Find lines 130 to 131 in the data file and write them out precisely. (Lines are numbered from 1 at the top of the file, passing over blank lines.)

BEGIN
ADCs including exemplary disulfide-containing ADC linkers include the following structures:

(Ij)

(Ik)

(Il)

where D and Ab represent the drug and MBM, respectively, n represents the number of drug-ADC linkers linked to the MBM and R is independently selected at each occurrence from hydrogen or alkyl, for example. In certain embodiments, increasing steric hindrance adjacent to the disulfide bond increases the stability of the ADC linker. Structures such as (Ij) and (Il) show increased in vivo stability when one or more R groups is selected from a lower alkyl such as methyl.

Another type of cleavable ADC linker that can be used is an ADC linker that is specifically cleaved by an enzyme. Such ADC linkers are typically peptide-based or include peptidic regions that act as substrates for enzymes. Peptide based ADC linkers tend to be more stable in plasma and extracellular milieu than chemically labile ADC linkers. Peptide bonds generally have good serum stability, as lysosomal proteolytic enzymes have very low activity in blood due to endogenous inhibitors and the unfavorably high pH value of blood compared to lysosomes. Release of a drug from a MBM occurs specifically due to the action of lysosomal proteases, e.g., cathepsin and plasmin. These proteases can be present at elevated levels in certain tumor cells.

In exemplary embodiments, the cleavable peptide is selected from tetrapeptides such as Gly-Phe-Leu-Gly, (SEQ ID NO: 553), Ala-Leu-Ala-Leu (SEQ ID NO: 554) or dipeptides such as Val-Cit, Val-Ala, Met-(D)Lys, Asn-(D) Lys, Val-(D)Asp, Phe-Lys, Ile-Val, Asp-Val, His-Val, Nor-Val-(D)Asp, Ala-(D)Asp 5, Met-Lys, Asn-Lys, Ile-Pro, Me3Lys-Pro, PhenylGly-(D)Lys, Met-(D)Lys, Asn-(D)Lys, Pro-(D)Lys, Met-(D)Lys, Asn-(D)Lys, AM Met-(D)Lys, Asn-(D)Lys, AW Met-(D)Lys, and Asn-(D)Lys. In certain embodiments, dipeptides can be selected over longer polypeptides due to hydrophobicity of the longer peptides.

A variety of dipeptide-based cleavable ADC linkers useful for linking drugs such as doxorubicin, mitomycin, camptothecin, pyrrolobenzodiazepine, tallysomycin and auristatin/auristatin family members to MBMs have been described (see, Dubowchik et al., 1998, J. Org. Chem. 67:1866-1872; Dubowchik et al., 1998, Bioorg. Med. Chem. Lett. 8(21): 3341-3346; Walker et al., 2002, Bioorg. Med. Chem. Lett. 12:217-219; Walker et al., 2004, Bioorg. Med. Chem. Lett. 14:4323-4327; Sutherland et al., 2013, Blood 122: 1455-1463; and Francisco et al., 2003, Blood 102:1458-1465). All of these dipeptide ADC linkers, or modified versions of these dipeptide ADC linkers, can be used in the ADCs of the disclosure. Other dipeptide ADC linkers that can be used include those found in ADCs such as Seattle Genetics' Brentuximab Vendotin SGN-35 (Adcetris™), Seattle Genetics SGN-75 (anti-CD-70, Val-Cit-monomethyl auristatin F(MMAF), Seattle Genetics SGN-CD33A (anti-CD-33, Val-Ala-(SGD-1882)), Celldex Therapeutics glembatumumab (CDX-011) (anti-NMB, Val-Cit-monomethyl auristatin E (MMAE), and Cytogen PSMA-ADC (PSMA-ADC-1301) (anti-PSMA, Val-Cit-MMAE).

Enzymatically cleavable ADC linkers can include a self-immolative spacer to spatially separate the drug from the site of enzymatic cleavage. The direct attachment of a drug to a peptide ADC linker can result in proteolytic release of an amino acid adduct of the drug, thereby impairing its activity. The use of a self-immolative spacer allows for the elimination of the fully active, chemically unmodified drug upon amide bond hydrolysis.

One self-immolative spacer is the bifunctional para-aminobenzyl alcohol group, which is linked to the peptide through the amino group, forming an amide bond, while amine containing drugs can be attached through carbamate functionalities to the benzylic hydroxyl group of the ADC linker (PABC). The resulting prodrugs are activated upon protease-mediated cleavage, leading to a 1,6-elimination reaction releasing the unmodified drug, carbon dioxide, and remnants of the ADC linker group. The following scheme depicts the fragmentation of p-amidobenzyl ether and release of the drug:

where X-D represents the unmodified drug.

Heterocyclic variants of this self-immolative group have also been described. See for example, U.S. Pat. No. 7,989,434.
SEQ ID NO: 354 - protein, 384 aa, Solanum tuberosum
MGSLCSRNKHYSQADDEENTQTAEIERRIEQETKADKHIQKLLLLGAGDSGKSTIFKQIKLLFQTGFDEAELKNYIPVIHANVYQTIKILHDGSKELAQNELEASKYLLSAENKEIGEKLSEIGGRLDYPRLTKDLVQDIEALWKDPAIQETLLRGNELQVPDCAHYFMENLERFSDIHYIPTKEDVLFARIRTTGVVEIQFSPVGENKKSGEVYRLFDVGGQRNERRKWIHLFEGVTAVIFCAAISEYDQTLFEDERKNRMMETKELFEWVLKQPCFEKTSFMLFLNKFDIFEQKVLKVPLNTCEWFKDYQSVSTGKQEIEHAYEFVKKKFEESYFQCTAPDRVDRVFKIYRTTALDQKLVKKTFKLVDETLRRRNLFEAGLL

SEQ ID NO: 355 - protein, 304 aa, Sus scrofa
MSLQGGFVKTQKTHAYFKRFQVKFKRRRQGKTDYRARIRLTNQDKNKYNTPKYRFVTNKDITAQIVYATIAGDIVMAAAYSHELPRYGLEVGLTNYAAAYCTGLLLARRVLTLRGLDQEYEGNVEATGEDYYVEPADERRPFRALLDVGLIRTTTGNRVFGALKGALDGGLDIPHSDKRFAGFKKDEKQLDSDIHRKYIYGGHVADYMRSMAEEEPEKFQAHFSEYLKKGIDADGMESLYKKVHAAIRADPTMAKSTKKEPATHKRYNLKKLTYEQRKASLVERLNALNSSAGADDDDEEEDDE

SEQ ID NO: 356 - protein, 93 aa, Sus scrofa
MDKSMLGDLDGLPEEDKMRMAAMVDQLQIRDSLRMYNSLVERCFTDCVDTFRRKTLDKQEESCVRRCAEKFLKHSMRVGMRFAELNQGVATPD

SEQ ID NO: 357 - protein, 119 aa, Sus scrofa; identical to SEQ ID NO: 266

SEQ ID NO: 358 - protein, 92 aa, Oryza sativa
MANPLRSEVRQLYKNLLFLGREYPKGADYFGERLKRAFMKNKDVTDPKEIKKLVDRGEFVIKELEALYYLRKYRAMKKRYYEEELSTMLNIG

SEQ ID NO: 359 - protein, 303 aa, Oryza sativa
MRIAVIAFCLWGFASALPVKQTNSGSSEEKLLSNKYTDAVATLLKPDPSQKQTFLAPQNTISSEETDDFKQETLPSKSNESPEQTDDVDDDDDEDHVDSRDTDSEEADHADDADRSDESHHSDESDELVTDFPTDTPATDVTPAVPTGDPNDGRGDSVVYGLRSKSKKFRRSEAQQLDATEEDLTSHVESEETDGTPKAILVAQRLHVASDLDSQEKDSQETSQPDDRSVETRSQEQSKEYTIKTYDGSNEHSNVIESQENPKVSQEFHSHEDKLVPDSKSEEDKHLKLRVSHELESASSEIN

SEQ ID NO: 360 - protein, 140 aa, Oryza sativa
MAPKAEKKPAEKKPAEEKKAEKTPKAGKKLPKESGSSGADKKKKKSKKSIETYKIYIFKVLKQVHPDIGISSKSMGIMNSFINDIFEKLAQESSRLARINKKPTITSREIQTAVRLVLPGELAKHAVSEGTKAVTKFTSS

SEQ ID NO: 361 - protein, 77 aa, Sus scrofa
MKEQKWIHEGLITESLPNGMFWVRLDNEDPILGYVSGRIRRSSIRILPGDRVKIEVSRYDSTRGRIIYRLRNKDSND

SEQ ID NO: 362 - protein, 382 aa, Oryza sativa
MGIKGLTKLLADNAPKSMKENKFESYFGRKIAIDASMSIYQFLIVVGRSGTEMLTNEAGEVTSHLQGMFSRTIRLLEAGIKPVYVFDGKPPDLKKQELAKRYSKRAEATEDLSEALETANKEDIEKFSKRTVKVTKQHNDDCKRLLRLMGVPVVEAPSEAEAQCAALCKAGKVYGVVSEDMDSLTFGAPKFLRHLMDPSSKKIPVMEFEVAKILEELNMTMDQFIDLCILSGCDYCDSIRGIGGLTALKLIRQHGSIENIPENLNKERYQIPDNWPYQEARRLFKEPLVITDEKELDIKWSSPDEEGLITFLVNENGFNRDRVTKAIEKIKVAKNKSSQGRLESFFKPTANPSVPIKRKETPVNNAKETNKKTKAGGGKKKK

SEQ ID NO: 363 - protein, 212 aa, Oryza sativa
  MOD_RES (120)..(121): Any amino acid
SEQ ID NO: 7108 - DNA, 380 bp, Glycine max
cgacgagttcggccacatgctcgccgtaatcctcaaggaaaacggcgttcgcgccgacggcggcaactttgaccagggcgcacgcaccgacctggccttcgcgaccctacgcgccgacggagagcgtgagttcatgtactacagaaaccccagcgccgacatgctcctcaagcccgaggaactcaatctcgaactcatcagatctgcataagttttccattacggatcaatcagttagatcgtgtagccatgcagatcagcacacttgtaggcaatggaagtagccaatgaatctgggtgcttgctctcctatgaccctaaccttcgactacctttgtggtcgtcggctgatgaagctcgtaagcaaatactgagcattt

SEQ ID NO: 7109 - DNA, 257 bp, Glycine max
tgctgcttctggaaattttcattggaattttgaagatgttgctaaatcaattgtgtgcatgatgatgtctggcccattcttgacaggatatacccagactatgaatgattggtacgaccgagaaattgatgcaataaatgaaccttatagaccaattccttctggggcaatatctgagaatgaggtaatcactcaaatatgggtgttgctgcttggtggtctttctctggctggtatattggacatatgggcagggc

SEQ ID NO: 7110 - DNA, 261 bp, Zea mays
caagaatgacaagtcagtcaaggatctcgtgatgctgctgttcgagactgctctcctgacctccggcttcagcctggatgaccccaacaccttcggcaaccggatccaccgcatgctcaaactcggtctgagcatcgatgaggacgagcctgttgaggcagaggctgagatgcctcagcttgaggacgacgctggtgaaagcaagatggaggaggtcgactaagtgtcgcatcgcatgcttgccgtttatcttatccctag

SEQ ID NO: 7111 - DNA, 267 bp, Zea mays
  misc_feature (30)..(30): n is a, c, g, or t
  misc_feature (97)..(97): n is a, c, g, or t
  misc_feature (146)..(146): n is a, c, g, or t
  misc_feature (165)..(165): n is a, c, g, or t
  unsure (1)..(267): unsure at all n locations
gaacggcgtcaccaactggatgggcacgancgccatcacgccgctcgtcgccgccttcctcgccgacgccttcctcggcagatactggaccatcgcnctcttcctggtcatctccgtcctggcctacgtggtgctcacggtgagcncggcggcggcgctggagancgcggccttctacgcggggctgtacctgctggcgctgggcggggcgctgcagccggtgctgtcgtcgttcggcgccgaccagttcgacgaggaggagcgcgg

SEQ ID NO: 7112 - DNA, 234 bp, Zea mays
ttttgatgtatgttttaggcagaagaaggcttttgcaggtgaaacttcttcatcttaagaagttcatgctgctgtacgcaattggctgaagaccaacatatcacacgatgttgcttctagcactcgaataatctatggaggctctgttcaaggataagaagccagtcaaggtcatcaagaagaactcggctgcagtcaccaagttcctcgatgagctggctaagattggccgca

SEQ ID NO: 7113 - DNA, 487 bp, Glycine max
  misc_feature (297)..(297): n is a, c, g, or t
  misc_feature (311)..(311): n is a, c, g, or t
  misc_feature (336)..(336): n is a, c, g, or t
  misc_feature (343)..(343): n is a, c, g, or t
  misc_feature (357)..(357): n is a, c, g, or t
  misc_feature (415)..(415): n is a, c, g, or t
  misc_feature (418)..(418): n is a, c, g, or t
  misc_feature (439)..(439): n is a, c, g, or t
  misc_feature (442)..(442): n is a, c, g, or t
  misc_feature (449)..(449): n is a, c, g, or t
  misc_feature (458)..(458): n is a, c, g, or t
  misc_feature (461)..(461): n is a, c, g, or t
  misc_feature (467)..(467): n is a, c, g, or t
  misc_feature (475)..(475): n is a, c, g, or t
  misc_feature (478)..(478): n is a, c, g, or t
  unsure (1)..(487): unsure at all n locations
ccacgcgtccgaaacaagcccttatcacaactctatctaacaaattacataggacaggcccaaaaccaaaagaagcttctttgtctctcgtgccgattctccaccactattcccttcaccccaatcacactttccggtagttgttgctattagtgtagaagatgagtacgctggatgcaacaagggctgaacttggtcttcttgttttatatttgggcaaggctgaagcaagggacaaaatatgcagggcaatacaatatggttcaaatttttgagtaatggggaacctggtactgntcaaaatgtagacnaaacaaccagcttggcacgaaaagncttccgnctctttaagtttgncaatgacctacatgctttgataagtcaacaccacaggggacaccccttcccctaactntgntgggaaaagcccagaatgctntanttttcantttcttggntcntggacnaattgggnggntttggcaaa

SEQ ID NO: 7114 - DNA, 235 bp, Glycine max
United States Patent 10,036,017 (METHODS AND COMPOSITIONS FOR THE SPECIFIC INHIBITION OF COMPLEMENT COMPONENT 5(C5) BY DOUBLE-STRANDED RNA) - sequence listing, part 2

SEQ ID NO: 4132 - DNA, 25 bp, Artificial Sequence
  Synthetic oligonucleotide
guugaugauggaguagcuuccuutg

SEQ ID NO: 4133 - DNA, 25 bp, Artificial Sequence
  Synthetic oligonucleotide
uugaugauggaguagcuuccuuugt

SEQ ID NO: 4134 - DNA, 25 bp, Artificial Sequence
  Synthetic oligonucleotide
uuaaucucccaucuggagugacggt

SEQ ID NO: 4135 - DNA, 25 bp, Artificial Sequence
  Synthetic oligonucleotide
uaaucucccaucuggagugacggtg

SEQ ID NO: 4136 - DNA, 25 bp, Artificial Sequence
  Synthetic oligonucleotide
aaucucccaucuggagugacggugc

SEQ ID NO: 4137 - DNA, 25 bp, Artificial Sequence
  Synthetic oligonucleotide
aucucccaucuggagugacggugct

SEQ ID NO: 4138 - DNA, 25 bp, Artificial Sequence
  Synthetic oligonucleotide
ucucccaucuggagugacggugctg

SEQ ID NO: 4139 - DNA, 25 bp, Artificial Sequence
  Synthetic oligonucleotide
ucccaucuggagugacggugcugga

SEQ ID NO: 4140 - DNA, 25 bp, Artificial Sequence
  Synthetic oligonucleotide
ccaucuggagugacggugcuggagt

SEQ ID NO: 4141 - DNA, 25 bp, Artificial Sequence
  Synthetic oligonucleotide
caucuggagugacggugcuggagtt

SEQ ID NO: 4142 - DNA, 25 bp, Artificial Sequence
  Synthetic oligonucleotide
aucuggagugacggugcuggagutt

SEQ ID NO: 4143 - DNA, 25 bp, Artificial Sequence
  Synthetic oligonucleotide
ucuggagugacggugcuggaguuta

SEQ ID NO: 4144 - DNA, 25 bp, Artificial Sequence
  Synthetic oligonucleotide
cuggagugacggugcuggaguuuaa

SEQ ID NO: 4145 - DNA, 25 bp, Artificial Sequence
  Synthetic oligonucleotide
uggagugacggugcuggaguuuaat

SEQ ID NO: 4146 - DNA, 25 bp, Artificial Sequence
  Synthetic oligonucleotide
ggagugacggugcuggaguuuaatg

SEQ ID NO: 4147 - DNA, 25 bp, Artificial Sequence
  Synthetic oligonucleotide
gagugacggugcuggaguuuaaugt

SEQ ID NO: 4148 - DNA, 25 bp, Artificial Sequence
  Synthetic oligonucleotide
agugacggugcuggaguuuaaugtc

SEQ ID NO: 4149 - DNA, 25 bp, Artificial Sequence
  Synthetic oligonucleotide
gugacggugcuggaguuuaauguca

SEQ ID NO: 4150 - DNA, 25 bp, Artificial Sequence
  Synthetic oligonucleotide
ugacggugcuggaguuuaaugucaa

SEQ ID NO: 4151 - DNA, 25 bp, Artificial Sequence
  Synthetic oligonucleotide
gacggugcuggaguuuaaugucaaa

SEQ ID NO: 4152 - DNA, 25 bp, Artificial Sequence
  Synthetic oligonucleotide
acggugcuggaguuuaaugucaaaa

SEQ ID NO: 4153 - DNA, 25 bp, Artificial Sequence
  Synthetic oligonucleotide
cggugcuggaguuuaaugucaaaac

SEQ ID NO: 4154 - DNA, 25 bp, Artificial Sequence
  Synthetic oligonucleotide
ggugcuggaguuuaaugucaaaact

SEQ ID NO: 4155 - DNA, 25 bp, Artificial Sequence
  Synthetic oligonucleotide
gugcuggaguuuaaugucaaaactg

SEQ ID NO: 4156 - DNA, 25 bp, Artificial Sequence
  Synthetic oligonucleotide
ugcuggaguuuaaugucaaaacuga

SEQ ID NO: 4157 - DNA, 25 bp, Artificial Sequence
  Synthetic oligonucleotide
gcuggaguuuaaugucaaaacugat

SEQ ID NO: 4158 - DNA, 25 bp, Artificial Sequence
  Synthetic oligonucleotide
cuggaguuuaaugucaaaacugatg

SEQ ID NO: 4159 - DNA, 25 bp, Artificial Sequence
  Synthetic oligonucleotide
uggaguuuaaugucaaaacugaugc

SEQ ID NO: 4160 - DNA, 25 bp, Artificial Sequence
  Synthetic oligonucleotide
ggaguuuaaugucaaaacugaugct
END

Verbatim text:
SEQ ID NO: 4153 - DNA, 25 bp, Artificial Sequence
  Synthetic oligonucleotide